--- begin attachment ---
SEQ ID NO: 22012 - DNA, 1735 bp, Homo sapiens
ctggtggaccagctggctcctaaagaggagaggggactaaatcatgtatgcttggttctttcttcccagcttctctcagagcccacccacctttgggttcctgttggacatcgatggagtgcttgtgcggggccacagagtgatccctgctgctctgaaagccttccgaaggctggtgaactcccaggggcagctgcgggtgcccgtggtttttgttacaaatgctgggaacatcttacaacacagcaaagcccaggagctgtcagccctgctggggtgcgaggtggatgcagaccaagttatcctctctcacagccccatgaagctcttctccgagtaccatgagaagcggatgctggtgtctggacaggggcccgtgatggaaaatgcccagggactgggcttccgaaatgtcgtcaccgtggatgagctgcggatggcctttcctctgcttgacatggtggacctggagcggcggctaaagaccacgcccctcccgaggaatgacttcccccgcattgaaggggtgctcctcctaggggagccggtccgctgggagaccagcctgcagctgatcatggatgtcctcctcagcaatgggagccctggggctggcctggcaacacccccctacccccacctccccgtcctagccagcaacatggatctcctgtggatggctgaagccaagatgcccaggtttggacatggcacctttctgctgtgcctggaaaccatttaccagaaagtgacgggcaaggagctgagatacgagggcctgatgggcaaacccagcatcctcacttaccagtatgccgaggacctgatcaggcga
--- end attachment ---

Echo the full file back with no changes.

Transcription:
SEQ ID NO: 22012 - DNA, 1735 bp, Homo sapiens
ctggtggaccagctggctcctaaagaggagaggggactaaatcatgtatgcttggttctttcttcccagcttctctcagagcccacccacctttgggttcctgttggacatcgatggagtgcttgtgcggggccacagagtgatccctgctgctctgaaagccttccgaaggctggtgaactcccaggggcagctgcgggtgcccgtggtttttgttacaaatgctgggaacatcttacaacacagcaaagcccaggagctgtcagccctgctggggtgcgaggtggatgcagaccaagttatcctctctcacagccccatgaagctcttctccgagtaccatgagaagcggatgctggtgtctggacaggggcccgtgatggaaaatgcccagggactgggcttccgaaatgtcgtcaccgtggatgagctgcggatggcctttcctctgcttgacatggtggacctggagcggcggctaaagaccacgcccctcccgaggaatgacttcccccgcattgaaggggtgctcctcctaggggagccggtccgctgggagaccagcctgcagctgatcatggatgtcctcctcagcaatgggagccctggggctggcctggcaacacccccctacccccacctccccgtcctagccagcaacatggatctcctgtggatggctgaagccaagatgcccaggtttggacatggcacctttctgctgtgcctggaaaccatttaccagaaagtgacgggcaaggagctgagatacgagggcctgatgggcaaacccagcatcctcacttaccagtatgccgaggacctgatcaggcga